Here’s Why #AllLivesMatter Is Useless

Okay, can I try to explain this in terms that everyone will understand? I’m tired of people posting crap on social media as if there they are under attack because we’re trying to bring voice to a marginalized group. So put your ego aside, and think about it:

Yes, all lives matter. Of course they do. It doesn’t even really need to be said. But Black Lives Matter? That needs to be said. Because there’s a deficit in our society when it comes to the lives of our fellow black friends and family members. All Lives Matter works when, as a society, we ACTUALLY value all lives.This is not the case today and the proof is right in front of our faces.

If you have a garden with five flowers and one of them is wilting, do you just keep watering and caring for them all exactly the same way because “All Flowers Matter”? NO! You focus in on the one that is dying. You focus on the problem you’ve created and go back to tending for them equally once the wilted flower has come back to life.

So even though All Lives Matter, saying that doesn’t change a damn thing because it washes right over the group we (as a society) still value less than everyone else.

The police shooting is horrific and tragic. It deserves attention because it is NOT the way to handle this issue. It was heartless and damaging to everyone. Clearly there are a few people who don’t believe the lives of police officers matter either, and that is unacceptable. I’m grateful that there doesn’t appear to be evidence that this attitude is prevalent country-wide.

The fact remains: black lives are needlessly lost every day at even greater rates. So let’s keep chanting #BlackLivesMatter until we get to a place in our society where #AllLivesActuallyDOMatter

2 thoughts on “Here’s Why #AllLivesMatter Is Useless

  1. Do you remember Amelia Power? We shared a lunch table in junior high with her I think.She is now a Public Defender in Denver and wears her life out trying to help individuals caught in the “justice” system. She recommended a couple books to me, which if you haven’t read, then I will pass on to you to relieve a sliver of the guilt I feel for not having purchased, read, and promoted them myself. and*Version*=1&*entries*=0 You should friend her on Facebook. You could have some great conversations.

    I would like to take your flower analogy a little farther and say I have five areas in my yard with flowers. One area thrives, three areas do pretty well, and one area never seems to take off. If my flower garden is my source of pride and adds to my sense of accomplishment, which area will I focus on? I will probably fill my lungs with the fragrant success of my thriving area and kind of just bask in their beauty before dragging myself over to the mediocre areas to do my due diligence, and then when I’m nearly out of energy and the sun is at its hottest, and I hear the air-conditioned house and a cold drink dispenser calling, I’ll sweep past the failing area, condemn it with some harsh epithets about how I never should have bothered planting in such a shaded, rock-hard area, and give it whats left of my gardening enthusiasm for the day.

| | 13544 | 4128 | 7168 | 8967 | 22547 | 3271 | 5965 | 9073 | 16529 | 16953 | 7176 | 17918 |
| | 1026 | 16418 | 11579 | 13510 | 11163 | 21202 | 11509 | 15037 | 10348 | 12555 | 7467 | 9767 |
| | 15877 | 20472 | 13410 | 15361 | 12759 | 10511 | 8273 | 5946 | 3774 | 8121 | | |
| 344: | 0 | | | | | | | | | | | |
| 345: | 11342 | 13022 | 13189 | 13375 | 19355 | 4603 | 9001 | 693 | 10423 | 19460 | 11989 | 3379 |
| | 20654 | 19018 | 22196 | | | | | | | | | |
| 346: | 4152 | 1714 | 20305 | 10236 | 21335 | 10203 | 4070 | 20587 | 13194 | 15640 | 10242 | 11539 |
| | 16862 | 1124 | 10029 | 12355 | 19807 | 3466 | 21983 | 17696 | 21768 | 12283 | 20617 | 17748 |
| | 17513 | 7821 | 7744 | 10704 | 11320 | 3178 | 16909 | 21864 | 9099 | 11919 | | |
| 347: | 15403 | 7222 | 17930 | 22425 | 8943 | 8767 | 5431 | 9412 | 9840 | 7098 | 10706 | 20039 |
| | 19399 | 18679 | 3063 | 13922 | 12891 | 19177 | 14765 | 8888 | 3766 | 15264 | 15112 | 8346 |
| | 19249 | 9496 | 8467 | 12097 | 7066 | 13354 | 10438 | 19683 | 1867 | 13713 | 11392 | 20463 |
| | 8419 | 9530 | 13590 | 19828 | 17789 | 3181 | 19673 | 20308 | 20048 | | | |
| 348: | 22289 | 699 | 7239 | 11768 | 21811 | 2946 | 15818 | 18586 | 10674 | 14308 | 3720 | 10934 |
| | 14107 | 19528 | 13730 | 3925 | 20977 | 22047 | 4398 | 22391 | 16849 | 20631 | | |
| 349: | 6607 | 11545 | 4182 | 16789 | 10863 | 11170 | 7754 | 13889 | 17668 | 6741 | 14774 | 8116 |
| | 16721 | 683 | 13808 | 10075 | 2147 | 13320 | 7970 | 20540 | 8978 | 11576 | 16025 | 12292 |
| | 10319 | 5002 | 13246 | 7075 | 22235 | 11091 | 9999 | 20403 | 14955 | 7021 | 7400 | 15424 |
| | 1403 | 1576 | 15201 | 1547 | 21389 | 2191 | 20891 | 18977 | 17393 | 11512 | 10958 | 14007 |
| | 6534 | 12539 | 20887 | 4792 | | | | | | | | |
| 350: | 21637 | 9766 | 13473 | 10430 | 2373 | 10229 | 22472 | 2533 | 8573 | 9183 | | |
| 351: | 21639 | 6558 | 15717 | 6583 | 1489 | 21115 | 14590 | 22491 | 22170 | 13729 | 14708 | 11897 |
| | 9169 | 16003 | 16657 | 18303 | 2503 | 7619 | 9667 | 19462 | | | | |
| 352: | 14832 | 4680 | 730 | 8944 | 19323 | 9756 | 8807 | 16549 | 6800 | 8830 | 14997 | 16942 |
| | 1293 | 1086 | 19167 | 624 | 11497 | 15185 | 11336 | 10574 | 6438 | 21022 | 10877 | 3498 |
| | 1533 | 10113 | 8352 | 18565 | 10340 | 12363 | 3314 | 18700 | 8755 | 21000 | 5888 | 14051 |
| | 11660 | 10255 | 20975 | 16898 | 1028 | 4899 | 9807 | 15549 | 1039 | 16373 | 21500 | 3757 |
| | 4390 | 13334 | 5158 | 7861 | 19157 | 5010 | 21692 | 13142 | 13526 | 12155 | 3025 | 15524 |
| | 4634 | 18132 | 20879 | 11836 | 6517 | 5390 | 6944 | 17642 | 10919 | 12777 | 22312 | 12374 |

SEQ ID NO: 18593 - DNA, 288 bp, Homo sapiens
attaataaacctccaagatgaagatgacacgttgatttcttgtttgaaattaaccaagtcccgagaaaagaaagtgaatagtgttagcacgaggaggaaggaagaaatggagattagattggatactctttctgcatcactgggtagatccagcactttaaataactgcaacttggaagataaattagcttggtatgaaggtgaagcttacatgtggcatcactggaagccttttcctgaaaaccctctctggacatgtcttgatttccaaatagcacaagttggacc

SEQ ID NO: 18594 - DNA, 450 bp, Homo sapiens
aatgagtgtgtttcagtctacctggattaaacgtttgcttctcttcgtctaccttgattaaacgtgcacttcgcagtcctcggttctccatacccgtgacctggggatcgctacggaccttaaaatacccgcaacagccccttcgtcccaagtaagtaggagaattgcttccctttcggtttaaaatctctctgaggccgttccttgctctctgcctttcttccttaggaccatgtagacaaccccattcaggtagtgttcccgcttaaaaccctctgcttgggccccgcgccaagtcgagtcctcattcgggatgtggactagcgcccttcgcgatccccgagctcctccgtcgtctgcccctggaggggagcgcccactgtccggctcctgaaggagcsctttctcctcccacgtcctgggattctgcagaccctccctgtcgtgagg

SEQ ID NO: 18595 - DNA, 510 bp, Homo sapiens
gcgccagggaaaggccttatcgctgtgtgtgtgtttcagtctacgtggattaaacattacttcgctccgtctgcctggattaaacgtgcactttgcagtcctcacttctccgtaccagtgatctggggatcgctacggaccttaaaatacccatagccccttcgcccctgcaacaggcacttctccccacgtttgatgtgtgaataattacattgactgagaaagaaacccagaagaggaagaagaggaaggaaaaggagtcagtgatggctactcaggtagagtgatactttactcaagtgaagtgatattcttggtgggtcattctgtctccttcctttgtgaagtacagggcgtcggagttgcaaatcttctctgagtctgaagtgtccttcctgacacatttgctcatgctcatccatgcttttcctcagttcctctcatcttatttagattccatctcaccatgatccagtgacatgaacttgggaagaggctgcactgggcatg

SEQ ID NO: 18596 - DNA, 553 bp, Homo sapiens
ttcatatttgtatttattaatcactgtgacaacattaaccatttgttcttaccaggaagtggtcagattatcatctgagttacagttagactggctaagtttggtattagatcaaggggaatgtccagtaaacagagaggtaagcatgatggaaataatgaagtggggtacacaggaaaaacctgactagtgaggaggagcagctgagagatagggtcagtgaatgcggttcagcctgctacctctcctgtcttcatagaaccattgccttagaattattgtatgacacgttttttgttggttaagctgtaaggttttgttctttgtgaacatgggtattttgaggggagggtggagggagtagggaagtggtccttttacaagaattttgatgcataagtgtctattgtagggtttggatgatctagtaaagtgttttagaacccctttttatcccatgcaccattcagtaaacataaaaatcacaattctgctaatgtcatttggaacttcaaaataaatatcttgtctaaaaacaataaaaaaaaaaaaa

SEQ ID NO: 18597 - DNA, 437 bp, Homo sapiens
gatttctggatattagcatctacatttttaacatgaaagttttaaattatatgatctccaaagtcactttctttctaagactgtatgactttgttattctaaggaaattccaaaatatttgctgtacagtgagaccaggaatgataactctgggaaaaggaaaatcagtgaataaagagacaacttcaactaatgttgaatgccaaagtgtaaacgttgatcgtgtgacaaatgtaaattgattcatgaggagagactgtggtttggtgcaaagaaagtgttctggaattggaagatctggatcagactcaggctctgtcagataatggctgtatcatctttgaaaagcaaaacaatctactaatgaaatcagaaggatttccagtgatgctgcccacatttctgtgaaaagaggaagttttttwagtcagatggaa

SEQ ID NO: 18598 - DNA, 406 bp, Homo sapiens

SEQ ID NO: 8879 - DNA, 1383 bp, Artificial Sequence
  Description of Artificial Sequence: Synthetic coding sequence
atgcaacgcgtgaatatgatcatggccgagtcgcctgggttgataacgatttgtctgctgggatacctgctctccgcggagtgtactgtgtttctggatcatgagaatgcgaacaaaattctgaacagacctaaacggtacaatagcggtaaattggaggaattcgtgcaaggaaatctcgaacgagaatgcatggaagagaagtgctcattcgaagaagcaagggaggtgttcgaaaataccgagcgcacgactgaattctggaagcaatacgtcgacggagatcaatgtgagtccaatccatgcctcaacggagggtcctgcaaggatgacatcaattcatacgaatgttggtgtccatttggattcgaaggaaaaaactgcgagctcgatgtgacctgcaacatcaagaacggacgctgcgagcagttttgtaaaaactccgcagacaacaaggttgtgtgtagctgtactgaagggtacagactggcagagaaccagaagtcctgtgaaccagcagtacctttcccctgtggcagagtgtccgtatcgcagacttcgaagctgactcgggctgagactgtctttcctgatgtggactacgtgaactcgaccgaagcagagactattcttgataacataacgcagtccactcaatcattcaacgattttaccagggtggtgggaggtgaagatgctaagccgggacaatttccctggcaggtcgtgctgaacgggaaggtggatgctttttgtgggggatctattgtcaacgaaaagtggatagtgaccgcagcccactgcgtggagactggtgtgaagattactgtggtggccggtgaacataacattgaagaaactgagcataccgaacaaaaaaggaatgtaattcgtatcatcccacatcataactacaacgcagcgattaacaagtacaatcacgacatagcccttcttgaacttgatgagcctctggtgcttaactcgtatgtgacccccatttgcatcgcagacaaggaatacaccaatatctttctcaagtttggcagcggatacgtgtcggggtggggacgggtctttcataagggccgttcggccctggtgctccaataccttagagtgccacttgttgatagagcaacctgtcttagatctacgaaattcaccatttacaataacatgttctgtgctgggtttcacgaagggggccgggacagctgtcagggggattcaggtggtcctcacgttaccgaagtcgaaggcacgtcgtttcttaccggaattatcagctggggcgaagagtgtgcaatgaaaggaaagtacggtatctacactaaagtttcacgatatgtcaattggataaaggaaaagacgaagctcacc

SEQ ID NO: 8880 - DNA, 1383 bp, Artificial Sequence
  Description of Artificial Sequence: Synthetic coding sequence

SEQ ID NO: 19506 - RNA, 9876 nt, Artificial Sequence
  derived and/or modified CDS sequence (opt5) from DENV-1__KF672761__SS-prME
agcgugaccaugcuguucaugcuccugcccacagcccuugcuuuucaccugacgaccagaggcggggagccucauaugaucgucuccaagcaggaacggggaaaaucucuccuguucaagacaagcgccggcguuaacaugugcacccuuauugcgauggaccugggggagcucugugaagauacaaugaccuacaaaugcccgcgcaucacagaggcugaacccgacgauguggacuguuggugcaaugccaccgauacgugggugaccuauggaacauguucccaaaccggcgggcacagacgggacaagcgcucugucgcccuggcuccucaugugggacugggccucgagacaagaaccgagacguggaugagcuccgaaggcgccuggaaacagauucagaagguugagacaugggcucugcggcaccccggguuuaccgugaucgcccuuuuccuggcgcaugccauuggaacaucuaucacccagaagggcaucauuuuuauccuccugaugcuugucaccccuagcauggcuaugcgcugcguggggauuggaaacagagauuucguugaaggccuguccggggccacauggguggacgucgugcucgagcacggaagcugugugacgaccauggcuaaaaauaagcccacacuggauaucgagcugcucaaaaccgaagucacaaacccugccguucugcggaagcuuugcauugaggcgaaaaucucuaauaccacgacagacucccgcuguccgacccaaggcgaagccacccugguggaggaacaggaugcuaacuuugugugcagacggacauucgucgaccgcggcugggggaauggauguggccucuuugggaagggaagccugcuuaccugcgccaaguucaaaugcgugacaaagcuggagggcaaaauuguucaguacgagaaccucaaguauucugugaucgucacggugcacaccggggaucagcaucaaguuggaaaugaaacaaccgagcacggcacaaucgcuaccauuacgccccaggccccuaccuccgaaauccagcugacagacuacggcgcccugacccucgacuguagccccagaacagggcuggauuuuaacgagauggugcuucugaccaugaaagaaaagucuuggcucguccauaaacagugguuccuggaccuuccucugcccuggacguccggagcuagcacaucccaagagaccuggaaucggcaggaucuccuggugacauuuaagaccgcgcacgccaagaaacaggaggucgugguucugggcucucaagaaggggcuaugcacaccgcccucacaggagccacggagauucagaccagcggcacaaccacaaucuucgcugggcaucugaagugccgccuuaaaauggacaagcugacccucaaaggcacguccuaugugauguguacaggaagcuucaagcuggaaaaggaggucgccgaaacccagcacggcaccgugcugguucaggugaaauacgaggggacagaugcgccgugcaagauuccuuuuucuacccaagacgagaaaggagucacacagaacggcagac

However, if my gardening is a labor of love, if I enjoy seeing how I made a difference, and if the source of my joy is learning about what each variety of flower needs and how to help it thrive, I will wear out my body and work through the blazing heat and into the dark of night to provide those flowers with what they need. I would just consider the flowers that automatically thrived to be very fortunate to have been planted where they had what they needed. I’ll enjoy all of my flowers, of course, but the ones I worked hardest to give a fair chance to, those are the ones I would feel the absolute worst about if a dog dug them up, a lawn mower blade took some out or a well-meaning child popped all the heads off of them for an inch-long bouquet. If people aren’t caring about the black lives being lost, it’s because they haven’t invested in many black lives.

    Of course humans aren’t flowers, so it is much easier to just blame their problems on them and go back to our . Or to soak up all the sunshine, absorb all the moisture in the soil and then act surprised when there is nothing left for the neighboring flowers. Even plants demonstrate incredibly competition, such as on jungle floors where sunlight is scarce and foliage is dense; as well as amazing partnerships in which planting certain varieties together create mutually beneficial outcomes. We could learn a lot from them.

    Right now the best I seem to be able to do is just have conversations or connect with people while I’m out in the community. Thanks for providing another key to understanding the current conversation.

    Liked by 1 person

    • And this is why I don’t have a garden – lol! Very thoughtful extension of the analogy – thank you! This is a very good representation of how people are approaching this issue today. I’ve heard of these books, I will take a look! And yes, I remember Amelia – not surprised that’s where she ended up! I’ll have to look her up.

      Liked by 1 person

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